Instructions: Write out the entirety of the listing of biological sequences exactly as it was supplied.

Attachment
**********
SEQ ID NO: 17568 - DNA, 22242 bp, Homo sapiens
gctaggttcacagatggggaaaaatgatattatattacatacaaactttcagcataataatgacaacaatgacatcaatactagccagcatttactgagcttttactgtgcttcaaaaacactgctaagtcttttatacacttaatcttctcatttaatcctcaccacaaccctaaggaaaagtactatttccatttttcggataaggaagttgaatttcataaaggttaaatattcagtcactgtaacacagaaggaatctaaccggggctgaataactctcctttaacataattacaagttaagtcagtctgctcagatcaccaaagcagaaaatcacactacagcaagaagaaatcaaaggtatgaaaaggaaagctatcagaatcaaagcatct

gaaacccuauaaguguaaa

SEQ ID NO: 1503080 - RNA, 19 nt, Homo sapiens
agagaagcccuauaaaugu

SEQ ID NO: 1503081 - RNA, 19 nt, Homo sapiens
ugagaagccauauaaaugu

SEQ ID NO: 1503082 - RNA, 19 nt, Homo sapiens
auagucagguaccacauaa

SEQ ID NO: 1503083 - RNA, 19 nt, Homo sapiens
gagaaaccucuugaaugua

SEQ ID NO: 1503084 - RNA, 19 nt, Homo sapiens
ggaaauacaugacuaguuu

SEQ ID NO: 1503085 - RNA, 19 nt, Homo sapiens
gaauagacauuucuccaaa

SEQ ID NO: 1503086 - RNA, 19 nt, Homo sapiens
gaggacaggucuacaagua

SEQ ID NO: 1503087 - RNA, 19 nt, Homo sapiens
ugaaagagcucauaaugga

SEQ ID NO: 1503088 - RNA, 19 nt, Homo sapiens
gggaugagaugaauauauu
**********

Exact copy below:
SEQ ID NO: 17568 - DNA, 22242 bp, Homo sapiens
gctaggttcacagatggggaaaaatgatattatattacatacaaactttcagcataataatgacaacaatgacatcaatactagccagcatttactgagcttttactgtgcttcaaaaacactgctaagtcttttatacacttaatcttctcatttaatcctcaccacaaccctaaggaaaagtactatttccatttttcggataaggaagttgaatttcataaaggttaaatattcagtcactgtaacacagaaggaatctaaccggggctgaataactctcctttaacataattacaagttaagtcagtctgctcagatcaccaaagcagaaaatcacactacagcaagaagaaatcaaaggtatgaaaaggaaagctatcagaatcaaagcatct

gaaacccuauaaguguaaa

SEQ ID NO: 1503080 - RNA, 19 nt, Homo sapiens
agagaagcccuauaaaugu

SEQ ID NO: 1503081 - RNA, 19 nt, Homo sapiens
ugagaagccauauaaaugu

SEQ ID NO: 1503082 - RNA, 19 nt, Homo sapiens
auagucagguaccacauaa

SEQ ID NO: 1503083 - RNA, 19 nt, Homo sapiens
gagaaaccucuugaaugua

SEQ ID NO: 1503084 - RNA, 19 nt, Homo sapiens
ggaaauacaugacuaguuu

SEQ ID NO: 1503085 - RNA, 19 nt, Homo sapiens
gaauagacauuucuccaaa

SEQ ID NO: 1503086 - RNA, 19 nt, Homo sapiens
gaggacaggucuacaagua

SEQ ID NO: 1503087 - RNA, 19 nt, Homo sapiens
ugaaagagcucauaaugga

SEQ ID NO: 1503088 - RNA, 19 nt, Homo sapiens
gggaugagaugaauauauu